Be leery – very, very leery – of
any preseason Player of the Year candidates’ list you come across that is topped
by anything but the following name:
The 6-foot-11 junior at the
Florida wasn’t the best player in the
country last regular season – Brandon Roy of the University of
Washington was, although Duke’s J.J. Redick bagged all of the POY
hardware, including the John R. Wooden Award.
Heck, Noah wasn’t even the
Southeastern Conference’s Player of the Year last season. That honor went to
another prime 2007 National POY candidate, Glen Davis of LSU.
But from March 1 on, there wasn’t
anyone – Redick, Roy . . . take your choice – who was any better than
*The Gators were 11-0 in that
stretch, including victories over South
Carolina and UCLA in the Southeastern Conference
Tournament final and NCAA championship game, respectively.
*Noah averaged 16.5 points, 9.5
rebounds, 2.8 assists and 3.3 blocked shots per game.
*And in regional and Final Four
victories over Georgetown,
Villanova, George Mason and the Bruins, respectively, those averages read 16.0,
10.5, 1.5 and 5.0.
Had he been so inclined, Noah
almost certainly would have been the first choice in June’s NBA
Instead, his presence – and that of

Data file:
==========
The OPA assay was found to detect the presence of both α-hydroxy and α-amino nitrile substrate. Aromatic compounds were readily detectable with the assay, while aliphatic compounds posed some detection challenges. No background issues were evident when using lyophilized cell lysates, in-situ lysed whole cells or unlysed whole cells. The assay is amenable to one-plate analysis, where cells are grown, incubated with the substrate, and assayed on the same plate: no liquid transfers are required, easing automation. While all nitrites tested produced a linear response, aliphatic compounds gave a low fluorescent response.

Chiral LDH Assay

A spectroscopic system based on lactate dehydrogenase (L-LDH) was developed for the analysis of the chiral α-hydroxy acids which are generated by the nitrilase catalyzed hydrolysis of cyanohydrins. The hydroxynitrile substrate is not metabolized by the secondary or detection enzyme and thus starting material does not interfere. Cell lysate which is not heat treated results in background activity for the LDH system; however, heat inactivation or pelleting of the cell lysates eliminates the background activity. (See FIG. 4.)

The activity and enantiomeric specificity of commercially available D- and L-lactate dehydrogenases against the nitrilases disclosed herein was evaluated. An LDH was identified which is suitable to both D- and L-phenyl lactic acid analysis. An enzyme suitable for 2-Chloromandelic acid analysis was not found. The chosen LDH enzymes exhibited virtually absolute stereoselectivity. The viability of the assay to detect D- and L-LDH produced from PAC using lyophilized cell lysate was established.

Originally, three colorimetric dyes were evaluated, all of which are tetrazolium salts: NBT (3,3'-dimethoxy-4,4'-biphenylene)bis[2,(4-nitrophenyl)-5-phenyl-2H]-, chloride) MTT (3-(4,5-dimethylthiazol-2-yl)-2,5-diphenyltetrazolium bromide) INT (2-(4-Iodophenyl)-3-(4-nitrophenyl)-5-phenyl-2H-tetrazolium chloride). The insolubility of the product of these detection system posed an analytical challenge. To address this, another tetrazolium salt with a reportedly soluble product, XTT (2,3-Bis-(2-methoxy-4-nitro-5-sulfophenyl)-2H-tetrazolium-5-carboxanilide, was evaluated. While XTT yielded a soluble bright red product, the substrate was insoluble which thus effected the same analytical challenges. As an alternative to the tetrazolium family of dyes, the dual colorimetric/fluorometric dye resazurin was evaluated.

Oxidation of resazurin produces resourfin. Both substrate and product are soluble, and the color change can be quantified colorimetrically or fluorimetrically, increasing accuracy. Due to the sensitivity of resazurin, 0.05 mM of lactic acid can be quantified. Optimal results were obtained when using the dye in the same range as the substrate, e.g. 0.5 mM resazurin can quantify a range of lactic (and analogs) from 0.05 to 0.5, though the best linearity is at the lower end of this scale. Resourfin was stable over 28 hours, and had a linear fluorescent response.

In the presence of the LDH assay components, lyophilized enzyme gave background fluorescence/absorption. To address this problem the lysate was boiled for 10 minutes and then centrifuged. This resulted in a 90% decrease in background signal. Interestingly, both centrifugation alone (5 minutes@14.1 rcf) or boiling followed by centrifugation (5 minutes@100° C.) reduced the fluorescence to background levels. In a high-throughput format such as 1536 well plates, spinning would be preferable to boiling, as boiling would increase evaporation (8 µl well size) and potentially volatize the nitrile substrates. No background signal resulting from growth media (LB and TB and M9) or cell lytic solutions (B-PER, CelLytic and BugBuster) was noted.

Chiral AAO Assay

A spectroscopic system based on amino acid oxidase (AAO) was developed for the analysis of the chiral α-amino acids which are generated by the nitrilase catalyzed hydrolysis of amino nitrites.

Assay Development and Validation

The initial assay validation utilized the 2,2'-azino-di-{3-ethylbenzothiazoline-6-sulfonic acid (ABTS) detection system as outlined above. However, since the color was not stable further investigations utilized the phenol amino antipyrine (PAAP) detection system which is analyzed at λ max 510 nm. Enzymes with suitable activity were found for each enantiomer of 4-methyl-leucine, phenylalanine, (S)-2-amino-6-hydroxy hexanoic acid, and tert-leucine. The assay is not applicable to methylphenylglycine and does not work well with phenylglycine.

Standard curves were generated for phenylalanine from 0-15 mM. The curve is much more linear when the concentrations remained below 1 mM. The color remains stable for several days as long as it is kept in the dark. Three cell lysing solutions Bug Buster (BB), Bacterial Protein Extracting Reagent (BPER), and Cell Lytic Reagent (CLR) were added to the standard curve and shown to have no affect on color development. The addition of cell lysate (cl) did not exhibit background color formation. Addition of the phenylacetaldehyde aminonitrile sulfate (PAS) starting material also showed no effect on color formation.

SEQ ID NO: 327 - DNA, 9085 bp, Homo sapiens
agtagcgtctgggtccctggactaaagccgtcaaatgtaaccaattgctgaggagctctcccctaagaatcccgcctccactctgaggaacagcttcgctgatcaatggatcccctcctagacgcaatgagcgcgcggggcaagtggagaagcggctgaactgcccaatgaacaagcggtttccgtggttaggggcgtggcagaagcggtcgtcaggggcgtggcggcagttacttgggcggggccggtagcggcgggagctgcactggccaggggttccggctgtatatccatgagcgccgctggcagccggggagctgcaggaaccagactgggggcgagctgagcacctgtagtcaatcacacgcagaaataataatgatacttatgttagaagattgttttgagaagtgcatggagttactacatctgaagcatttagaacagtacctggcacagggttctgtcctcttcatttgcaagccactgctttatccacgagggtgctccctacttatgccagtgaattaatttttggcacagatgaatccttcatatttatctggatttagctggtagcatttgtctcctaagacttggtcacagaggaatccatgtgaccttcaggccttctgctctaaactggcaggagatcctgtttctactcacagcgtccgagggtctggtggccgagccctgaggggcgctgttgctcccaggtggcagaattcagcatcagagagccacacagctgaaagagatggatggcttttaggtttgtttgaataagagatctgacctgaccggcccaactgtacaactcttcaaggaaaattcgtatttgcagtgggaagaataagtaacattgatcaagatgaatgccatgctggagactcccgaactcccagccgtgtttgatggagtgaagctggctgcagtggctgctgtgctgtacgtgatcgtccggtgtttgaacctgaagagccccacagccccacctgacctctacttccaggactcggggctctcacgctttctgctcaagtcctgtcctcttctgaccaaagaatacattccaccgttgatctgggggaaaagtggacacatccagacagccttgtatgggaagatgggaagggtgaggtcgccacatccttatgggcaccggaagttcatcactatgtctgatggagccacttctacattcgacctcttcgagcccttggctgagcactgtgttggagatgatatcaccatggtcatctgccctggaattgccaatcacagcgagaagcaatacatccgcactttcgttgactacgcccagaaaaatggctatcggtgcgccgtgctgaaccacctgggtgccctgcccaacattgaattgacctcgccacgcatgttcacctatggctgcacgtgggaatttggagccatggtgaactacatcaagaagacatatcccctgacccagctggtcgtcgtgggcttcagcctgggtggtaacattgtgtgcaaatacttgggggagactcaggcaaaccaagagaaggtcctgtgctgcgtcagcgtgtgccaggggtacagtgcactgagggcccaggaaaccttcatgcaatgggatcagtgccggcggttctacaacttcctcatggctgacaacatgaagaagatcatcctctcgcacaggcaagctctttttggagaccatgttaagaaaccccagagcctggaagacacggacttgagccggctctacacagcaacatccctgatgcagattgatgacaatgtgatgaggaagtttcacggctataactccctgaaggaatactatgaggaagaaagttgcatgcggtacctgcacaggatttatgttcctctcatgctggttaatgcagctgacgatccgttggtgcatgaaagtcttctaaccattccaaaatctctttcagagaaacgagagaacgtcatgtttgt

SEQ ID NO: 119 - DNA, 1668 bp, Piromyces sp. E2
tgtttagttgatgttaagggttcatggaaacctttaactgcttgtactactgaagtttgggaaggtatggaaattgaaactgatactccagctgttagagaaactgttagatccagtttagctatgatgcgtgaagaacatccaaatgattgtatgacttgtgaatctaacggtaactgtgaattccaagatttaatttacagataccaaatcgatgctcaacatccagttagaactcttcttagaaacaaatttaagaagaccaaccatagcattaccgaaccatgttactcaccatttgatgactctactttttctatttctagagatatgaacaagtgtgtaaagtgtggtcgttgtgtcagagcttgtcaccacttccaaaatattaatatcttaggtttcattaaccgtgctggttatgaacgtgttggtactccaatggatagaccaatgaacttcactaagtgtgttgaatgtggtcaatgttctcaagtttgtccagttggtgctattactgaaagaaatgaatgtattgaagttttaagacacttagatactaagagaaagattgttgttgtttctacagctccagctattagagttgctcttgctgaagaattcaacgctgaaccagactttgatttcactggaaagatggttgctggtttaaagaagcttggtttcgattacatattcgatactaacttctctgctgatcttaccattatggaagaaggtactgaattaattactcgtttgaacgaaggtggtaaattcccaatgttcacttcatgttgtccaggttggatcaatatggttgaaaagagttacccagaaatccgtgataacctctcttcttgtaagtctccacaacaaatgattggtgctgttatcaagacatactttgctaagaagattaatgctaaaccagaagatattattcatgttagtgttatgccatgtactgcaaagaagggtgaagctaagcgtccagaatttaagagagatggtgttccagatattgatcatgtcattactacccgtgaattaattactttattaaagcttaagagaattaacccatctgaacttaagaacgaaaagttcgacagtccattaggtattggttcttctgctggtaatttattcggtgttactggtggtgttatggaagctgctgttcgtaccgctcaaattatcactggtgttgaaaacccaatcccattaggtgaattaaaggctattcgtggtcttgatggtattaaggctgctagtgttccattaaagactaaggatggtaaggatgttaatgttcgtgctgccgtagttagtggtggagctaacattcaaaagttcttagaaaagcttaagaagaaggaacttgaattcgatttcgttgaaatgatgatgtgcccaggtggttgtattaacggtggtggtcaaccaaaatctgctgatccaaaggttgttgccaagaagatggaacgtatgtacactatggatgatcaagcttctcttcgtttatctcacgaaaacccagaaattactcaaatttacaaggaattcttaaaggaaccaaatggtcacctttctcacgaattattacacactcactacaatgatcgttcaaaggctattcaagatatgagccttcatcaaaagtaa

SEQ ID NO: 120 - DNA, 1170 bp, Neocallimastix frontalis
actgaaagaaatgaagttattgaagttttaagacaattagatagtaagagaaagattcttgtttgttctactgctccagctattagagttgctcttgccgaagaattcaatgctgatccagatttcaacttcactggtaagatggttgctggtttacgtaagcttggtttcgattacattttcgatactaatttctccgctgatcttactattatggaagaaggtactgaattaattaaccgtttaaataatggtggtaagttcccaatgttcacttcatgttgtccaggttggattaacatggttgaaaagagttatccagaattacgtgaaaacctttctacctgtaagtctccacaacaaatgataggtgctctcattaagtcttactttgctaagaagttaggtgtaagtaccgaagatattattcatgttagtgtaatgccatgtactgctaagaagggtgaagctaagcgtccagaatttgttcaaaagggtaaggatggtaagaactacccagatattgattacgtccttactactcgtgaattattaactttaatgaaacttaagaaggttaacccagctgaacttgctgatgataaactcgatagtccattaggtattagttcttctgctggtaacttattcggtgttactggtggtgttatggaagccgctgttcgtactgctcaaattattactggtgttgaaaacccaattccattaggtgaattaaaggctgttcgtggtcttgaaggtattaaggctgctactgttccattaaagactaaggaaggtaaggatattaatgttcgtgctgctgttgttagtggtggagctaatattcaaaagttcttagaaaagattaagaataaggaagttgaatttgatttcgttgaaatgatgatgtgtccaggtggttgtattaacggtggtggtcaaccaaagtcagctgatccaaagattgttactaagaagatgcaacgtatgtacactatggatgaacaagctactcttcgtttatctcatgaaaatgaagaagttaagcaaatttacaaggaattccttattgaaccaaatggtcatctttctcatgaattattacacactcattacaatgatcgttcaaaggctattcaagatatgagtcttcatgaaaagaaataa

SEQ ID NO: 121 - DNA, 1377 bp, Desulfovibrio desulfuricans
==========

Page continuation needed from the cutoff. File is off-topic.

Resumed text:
Billy Donovan’s other starters from
last season, forwards Al Horford and
Corey Brewer, and guards Taurean Green and Lee Humphrey – makes
the Gators solid favorites to become the first program to win back to back
national titles since Duke did the trick in 1991-92.
And the impact – as a rebounder and
defender, a scorer (even minus anything remotely resembling a fluid jump shot)
and passer/ball handler – that Noah is expected to have on each game he plays
this season makes him the POY frontrunner.
Who has the best opportunity to
overtake Noah in POY balloting come March?
Here we go . . .
*Tyler Hansbrough (6-8 ½, So.,
Why he could be POY: He was the
consensus national Freshman of the Year (18.9 points and 7.8 rebounds per game)
and turned in some dazzling performances in nationally televised
And the Tar Heels are the guys
given the best chance at keeping
Florida from repeating as the
Strong performances in games
State (especially if Greg Oden is
healthy and in the lineup for the Buckeyes) on Nov. 29 and Kentucky three days
later could level the POY playing field with Noah – as could productive efforts
in Atlantic Coast Conference battles with Duke.
What could hurt his chances: This is
also something that could hamper Noah’s chances – there is so much talent around him.
Senior forward Reyshawn Terry is one of the most
underrated players in the country (if it’s possible to play at one of three or
four most high profile programs in America and still be considered “underrated”)
and some talent evaluators like him even better than Hansbrough as an NBA
It’s possible that Terry and even
freshmen such as Tywon Lawson, Wayne Ellington and Brandan Wright might steal
some of Hansbrough’s national thunder because they are so good themselves – even
if Hansbrough has improved as much over last season as we probably can expect he
*Glen Davis (6-8, Jr., LSU)